The start of 2016 saw anticipated revised guidelines in environmental health. For the first time, courts in England and Wales have comprehensive sentencing guidelines covering the most commonly sentenced health and safety offences and food safety offences. Nobody enjoys the dire effects of food poisoning and the mere thought of consuming contaminated food, rings several bells with health officials; as a consequence, this can result in a far more complex legal segment in which expert witnesses, such as our next guest, are challenged to investigate in the most intricate of scenarios.
Here Lawyer Monthly hears from Dr Belinda Stuart-Moonlight, Managing Director at Moonlight Environmental Ltd, a UK-based firm providing expert witness services, as well as consultancy, auditing and training services in food safety and workplace safety.
Can you detail what are the most common types of environmental or food safety cases in which you serve as an expert witness?
There is no typical case for which I receive instructions, although the majority concern some form of contamination, be it microbiological, physical or chemical. I work in the criminal and civil arenas (holding the CUBS Cardiff University Expert Witness Certificate in both) and have a roughly 50/50 split of claimant prosecution/defence cases. Examples of my expert health/hygiene reports include:
- Outbreaks of gastric illness in holiday resorts such as in the Dominican Republic, Egypt, etc. (civil);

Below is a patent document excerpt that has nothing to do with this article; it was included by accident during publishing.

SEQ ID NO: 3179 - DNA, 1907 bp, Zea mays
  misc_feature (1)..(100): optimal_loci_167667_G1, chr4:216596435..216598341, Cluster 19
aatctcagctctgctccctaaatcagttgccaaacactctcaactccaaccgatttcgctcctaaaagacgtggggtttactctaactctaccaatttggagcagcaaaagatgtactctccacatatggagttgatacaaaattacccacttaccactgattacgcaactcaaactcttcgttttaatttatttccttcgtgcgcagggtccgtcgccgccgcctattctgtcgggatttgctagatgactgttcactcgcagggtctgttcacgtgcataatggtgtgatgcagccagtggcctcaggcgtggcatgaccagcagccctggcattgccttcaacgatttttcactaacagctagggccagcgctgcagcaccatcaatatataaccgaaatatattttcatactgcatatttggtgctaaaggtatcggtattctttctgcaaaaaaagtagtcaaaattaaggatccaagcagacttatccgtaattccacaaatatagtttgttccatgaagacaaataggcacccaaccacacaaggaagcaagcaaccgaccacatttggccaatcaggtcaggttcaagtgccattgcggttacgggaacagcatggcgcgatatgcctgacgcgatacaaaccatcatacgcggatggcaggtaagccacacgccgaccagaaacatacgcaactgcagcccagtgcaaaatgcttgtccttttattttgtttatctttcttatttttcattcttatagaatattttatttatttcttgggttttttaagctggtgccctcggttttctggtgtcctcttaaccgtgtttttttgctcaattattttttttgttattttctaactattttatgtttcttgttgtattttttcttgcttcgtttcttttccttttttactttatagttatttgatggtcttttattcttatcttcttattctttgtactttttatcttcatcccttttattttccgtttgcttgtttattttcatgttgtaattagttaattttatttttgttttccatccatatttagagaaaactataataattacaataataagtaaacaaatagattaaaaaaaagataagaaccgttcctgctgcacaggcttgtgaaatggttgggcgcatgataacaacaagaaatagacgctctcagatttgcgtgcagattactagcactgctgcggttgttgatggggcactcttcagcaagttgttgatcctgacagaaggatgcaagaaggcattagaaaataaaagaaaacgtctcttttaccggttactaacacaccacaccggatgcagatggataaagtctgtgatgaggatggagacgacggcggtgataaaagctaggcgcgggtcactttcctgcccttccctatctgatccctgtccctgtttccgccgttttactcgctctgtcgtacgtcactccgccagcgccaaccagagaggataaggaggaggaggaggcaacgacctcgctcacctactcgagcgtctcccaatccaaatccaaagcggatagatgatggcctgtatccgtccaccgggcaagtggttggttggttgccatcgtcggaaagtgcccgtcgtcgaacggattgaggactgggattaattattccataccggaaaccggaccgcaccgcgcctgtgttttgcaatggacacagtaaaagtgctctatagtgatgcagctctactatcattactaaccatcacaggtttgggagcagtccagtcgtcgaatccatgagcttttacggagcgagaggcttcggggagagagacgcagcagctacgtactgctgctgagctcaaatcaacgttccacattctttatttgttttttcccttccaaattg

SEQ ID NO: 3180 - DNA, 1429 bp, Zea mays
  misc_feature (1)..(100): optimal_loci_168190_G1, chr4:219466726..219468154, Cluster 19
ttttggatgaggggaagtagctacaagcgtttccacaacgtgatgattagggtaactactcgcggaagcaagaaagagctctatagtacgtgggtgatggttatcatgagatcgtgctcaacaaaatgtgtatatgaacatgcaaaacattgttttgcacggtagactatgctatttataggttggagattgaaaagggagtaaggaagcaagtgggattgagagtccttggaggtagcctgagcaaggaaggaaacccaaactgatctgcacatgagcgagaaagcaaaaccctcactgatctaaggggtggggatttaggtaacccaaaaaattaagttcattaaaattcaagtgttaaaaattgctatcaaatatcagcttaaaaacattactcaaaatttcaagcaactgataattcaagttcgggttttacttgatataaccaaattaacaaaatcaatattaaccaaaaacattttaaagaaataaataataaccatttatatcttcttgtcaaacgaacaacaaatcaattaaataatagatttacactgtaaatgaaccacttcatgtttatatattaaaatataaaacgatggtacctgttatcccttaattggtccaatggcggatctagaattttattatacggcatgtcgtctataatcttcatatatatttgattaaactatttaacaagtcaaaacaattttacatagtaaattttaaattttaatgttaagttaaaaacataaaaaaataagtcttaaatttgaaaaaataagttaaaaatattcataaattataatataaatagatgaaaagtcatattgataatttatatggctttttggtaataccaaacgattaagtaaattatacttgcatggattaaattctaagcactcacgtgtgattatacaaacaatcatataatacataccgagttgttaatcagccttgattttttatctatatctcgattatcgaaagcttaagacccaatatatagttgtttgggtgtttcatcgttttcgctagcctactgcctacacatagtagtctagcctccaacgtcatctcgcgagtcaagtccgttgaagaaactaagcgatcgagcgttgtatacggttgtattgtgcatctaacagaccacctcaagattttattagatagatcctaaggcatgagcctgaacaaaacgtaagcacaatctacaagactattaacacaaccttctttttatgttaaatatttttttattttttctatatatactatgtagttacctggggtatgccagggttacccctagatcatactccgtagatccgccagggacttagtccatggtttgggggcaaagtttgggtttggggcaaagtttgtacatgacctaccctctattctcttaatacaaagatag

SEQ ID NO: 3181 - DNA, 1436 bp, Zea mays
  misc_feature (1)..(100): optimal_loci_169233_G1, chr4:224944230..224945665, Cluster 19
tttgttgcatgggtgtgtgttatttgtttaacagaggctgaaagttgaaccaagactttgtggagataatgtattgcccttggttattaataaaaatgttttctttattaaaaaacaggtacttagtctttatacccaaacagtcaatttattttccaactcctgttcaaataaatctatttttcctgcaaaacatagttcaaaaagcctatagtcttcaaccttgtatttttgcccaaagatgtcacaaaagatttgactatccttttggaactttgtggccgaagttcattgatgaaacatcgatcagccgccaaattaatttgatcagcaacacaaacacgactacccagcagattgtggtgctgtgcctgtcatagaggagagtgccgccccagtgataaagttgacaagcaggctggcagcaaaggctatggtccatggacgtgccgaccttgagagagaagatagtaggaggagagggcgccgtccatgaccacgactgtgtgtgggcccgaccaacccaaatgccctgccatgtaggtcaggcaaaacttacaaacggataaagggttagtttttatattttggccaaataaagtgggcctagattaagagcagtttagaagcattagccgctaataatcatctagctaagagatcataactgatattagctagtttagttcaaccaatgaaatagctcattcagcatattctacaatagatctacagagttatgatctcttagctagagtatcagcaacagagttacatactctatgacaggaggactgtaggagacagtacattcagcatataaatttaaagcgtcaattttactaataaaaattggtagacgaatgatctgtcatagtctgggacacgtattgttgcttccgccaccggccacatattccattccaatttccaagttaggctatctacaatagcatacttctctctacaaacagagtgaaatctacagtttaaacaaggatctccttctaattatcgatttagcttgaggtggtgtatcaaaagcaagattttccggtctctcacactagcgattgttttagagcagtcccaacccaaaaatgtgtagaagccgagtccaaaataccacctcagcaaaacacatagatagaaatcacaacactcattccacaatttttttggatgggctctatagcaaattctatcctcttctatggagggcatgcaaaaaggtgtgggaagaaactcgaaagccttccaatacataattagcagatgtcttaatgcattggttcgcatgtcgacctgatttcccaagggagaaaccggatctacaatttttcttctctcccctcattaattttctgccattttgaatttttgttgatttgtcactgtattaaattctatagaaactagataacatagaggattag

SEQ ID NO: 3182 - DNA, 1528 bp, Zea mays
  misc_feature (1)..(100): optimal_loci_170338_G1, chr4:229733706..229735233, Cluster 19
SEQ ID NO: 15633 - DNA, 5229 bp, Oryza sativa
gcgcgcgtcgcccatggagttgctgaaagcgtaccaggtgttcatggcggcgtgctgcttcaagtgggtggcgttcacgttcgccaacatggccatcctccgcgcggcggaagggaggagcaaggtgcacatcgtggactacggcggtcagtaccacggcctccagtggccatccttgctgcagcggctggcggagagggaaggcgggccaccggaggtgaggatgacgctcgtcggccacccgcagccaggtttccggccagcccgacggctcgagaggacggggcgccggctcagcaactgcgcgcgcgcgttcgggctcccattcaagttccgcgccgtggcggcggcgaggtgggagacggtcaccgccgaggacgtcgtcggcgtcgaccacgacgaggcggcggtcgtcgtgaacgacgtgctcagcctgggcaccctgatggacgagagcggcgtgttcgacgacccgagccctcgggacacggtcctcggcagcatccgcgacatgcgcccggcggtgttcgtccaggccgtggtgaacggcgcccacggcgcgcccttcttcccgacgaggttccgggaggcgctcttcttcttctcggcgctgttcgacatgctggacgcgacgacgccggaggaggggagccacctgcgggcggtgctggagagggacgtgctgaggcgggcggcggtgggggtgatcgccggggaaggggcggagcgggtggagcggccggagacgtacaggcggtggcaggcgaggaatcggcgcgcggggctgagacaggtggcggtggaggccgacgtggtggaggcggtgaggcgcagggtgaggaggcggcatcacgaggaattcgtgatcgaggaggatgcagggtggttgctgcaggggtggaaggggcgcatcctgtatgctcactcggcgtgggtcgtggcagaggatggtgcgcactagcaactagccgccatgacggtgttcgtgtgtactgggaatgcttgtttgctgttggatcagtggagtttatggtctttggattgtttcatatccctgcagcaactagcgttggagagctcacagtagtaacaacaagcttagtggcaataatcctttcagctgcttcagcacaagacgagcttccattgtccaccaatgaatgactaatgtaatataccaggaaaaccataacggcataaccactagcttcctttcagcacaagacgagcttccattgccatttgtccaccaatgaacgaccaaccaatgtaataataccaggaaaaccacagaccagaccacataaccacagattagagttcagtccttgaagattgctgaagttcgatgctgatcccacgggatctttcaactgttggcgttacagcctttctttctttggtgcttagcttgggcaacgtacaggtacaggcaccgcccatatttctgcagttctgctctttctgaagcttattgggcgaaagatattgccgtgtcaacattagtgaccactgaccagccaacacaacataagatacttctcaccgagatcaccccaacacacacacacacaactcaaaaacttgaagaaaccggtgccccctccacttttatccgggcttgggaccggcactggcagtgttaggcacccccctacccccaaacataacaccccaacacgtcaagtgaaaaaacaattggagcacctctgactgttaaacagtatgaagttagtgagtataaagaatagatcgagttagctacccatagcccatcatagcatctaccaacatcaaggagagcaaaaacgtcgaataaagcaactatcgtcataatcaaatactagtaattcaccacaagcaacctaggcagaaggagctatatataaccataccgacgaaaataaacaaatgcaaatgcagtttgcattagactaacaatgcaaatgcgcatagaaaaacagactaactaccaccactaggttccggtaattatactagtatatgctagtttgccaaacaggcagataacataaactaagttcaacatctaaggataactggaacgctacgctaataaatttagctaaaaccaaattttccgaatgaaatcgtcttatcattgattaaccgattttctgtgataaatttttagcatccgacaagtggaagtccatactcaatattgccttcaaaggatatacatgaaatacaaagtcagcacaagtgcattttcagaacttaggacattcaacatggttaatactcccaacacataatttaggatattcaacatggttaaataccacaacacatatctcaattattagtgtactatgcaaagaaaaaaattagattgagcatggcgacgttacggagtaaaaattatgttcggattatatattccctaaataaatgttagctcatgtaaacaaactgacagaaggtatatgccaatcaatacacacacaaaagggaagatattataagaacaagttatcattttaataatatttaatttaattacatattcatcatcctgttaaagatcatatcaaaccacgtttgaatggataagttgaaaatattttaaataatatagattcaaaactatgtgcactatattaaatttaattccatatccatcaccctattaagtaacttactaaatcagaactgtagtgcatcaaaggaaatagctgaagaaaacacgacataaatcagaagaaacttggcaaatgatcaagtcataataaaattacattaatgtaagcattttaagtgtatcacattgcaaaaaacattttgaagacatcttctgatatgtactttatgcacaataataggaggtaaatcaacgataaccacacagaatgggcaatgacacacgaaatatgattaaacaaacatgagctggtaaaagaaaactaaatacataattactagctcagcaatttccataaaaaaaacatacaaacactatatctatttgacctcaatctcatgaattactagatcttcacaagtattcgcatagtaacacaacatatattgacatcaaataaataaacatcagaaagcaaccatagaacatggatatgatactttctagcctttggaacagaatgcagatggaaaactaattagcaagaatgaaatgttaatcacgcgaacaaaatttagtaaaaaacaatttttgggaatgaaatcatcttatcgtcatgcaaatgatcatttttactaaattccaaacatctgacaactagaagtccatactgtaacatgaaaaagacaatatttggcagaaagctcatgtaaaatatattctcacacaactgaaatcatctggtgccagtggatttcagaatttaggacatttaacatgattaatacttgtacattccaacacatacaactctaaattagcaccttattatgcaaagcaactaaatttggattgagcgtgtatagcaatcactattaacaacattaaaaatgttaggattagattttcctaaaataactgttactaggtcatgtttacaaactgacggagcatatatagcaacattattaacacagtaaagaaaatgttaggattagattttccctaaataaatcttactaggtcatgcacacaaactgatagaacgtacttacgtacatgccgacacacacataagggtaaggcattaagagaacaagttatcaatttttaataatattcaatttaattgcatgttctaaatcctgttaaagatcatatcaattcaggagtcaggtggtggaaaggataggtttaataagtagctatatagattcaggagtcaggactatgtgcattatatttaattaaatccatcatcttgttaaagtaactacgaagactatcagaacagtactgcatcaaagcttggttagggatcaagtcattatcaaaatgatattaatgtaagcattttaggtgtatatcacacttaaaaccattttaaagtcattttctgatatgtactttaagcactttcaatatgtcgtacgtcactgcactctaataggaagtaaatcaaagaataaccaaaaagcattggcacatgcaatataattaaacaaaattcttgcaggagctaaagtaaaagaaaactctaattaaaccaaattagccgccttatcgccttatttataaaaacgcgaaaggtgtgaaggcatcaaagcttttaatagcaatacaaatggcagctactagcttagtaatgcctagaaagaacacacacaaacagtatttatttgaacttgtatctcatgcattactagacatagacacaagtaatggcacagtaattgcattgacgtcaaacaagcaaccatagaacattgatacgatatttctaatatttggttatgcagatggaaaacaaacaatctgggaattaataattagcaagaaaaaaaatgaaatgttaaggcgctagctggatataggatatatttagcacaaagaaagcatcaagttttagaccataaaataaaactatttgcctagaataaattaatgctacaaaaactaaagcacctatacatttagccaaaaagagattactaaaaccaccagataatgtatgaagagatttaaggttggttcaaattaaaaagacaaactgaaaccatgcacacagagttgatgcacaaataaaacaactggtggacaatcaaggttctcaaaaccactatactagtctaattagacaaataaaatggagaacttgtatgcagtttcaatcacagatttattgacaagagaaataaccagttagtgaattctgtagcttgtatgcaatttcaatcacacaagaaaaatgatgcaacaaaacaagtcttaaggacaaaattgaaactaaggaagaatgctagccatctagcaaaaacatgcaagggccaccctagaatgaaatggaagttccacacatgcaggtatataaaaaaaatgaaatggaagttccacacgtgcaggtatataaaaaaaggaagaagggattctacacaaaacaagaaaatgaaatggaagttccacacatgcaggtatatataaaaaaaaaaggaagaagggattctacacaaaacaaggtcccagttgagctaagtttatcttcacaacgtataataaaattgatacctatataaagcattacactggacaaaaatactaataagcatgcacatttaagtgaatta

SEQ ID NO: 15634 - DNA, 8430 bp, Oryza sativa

- Norovirus outbreaks on cruise ships, in holiday camps, in hotels, etc. (civil);
- Food poisoning and due diligence in a fatal Clostridium perfringens outbreak (criminal case with landmark £1.5m fine);
- E coli O157 infection contracted from a water fountain (civil);
- Fatality resulting from the service of a curry containing peanut to a declared food allergy sufferer (criminal);
- Employer’s reasonable controls to prevent the risk of Leptospirosis alleged to have been contracted at work by a wastewater handler (civil);
- Due diligence in the case of mouldy cakes (criminal);
- Broken teeth from a stone in Feta cheese (civil).
What are the primary steps and obstacles in obtaining evidence and facts in order to provide a thorough analysis in these cases?
I would normally receive instructions and a bundle of evidence at the beginning of a working case. The bundle might be a modest few pages or several boxes. Every document is logged as I work with my PA to start a case file. This logging process is very helpful because it gives me the opportunity to understand what evidence is available whilst I create a ‘shopping list’ for my instructing solicitor. This is the list of questions, evidence and requests that would enable clarification of my opinion.